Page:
"Trump is separating children from their parents! That's terrible!" "Yeah, but Obama did it, too!"

"Clinton used her personal email to send private information! Lock her up!" "Then we should lock Ivanka Trump up too, shouldn't we?"

We've all seen these back-and-forth arguments online and let's be honest here: they're annoying, repetative, and completely useless. You just don't get anywhere with conversations like these, and aren't they a little familiar? I could have sworn I'd heard conversations like these when I was younger... Maybe when I was in grade school?

Oh, that's right. It was when I was in elementary school and my classmates were justifying their actions to the teacher.

"But Mrs. Mortin! Cameron climbed over the fence first!"

Not exactly the most mature sounding, is it? Well, congratulations, Americans have turned into elementary-aged children. It's happened on both sides on the aisle and we've resorted to defending our political party rather than the morals we hold near and dear to our hearts.

Republicans and Democrats alike have fallen into this trap. Rather than admitting fault or criticizing the candidate we voted for, we have lost our ability to do so and instead are resorting to the "But s/he said..." behavior we exhibited as children.

Let's be frank here: it's ridiculous. We are all acting like children and we all suck when we do it. Justify away for all I care, but saying it's okay because someone on the opposite side did it? Or saying that it's okay because they identify with the party you do? And whataboutisms have become more common than critical thinking nowadays. It's silly at best, but can be dangerous. We begin to lose who we are and our ability to direct the country in the way we want to when we start to blindly defend our politicians.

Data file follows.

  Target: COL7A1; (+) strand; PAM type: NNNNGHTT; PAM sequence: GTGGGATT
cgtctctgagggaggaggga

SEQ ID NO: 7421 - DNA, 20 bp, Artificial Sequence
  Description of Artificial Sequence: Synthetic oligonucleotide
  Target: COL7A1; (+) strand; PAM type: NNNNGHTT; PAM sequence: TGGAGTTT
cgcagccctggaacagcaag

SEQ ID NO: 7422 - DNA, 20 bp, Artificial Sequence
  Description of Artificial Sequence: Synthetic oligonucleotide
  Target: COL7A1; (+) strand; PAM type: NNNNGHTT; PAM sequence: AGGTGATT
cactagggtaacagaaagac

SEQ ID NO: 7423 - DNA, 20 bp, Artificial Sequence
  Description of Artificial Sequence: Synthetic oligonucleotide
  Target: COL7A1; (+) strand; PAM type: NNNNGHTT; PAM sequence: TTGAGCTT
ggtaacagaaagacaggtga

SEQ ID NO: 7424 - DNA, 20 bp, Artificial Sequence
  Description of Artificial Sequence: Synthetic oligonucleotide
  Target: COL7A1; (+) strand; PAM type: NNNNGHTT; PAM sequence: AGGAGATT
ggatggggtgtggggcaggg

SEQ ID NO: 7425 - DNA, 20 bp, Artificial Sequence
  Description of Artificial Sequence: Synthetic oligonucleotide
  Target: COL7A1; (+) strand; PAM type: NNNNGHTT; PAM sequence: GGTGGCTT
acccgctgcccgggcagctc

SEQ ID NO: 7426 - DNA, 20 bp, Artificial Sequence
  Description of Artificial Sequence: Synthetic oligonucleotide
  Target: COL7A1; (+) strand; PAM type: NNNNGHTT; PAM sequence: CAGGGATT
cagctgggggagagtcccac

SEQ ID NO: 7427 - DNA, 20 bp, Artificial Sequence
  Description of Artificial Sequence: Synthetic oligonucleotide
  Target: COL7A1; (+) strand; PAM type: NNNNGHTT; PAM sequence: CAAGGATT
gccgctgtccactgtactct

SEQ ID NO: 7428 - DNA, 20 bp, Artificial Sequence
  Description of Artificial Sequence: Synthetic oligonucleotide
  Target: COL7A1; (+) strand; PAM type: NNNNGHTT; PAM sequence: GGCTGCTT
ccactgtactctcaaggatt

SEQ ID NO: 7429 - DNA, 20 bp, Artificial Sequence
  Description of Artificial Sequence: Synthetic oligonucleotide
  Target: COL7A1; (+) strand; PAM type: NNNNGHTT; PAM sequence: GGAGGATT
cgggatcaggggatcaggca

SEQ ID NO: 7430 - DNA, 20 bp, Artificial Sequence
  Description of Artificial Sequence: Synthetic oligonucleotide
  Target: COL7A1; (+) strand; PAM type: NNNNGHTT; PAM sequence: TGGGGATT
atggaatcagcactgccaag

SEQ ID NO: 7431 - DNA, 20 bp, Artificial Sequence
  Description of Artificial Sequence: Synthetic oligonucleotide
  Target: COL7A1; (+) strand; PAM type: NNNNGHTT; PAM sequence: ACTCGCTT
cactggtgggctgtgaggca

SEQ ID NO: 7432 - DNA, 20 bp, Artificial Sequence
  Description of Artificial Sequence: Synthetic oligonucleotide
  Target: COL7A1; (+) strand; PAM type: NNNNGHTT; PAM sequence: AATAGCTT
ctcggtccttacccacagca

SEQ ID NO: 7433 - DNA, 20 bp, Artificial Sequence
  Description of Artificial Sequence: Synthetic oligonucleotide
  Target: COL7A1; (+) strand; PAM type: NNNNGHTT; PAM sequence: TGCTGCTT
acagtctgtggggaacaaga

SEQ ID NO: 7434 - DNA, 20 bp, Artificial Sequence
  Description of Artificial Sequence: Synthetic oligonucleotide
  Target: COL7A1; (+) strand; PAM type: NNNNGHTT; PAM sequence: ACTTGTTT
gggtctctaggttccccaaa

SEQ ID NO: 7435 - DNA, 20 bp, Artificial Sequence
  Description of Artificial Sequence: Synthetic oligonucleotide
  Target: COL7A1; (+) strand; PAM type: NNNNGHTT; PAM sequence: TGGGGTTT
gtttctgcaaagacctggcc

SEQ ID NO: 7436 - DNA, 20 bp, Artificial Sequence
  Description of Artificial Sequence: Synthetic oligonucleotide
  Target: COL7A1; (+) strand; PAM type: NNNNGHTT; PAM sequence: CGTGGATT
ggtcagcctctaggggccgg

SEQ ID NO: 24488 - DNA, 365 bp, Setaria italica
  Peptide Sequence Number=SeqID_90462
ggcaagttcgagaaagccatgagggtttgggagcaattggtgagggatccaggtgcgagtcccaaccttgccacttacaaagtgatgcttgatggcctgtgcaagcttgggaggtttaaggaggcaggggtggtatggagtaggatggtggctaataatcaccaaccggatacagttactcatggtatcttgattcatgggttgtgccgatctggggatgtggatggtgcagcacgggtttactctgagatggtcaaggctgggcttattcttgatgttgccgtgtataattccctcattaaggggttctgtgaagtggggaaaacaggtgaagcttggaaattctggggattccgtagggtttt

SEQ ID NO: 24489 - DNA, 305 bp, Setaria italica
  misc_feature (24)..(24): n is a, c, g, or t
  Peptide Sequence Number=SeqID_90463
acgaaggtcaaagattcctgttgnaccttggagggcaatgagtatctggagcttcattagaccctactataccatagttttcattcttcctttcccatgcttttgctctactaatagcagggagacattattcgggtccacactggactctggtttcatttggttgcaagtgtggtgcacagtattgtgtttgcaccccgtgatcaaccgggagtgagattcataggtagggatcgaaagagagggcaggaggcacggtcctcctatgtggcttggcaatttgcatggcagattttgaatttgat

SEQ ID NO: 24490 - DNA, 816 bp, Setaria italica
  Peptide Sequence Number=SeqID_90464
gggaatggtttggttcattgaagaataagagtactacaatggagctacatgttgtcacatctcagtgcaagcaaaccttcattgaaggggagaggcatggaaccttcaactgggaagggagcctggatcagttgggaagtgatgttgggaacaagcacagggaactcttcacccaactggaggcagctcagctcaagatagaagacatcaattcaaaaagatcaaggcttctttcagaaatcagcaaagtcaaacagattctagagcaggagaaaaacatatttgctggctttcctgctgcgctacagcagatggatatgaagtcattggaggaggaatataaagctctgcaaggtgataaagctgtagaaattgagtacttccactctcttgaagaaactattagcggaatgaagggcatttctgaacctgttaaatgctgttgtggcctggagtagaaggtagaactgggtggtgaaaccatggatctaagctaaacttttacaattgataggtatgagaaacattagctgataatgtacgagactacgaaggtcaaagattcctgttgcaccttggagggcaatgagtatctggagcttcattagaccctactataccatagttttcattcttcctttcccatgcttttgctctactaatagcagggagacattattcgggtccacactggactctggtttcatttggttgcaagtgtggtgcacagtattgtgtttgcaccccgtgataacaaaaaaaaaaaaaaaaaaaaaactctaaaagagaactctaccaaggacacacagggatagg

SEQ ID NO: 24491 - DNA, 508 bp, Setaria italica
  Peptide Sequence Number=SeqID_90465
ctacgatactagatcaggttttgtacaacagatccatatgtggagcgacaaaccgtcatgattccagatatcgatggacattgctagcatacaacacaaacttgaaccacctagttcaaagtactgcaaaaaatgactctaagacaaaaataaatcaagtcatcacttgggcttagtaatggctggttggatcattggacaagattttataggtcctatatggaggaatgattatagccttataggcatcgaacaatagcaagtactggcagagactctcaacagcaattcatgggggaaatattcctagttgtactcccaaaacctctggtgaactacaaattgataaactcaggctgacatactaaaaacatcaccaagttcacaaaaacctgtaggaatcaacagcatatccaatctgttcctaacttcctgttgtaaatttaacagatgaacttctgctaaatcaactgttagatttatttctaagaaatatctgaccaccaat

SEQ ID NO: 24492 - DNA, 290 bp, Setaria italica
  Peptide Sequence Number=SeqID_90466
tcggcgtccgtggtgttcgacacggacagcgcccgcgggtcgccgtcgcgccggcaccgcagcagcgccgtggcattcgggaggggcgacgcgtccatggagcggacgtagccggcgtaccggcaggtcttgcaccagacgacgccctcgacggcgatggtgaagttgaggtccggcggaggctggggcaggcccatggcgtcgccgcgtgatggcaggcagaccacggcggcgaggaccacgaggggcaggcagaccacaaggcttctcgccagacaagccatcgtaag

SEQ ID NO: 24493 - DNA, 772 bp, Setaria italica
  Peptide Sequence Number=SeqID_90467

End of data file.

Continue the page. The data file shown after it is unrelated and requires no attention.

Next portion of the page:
But people don't really do this, right? It's just those crazies on Fox or CNN that say extreme things to keep ratings up, obviously.

Well, sorry to burst your bubble, but let's take a look at this article regarding the judgment on the Trump charities. Rather than thinking "Hmm, maybe he did do something wrong," they automatically said, "what about Clinton?"

Misdirection is a favorite as well. In an article about Michael Flynn's sentencing, rather than acknowledging that he did something bad while a part of the Trump administration, this was one of the top comments:

We, fully grown adults who vote, are losing the ability to articulate an argument and take responsibility for the actions of the people we've voted for. Democrats and Republicans are both now resorting to "he did/she did" arguments, pretending that one side can do no wrong while the other can do no right.

We need to stop doing this. We need to start thinking for ourselves and taking an active role in steering our country in a positive direction rather than sitting idly by and voting solely based on party affiliation. Otherwise, guess what? We'll sit on our butts, watching as our country swings from one extreme to the next every four years.

So stand up America because, right now, we all suck. Even if that's the only trait we share, we can unite in our ability to suck and make a positive impact on our country. Instead of looking at the past and excusing current behavior, let's look at the present, acknowledge the bad that we've done, and make sure it never happens again.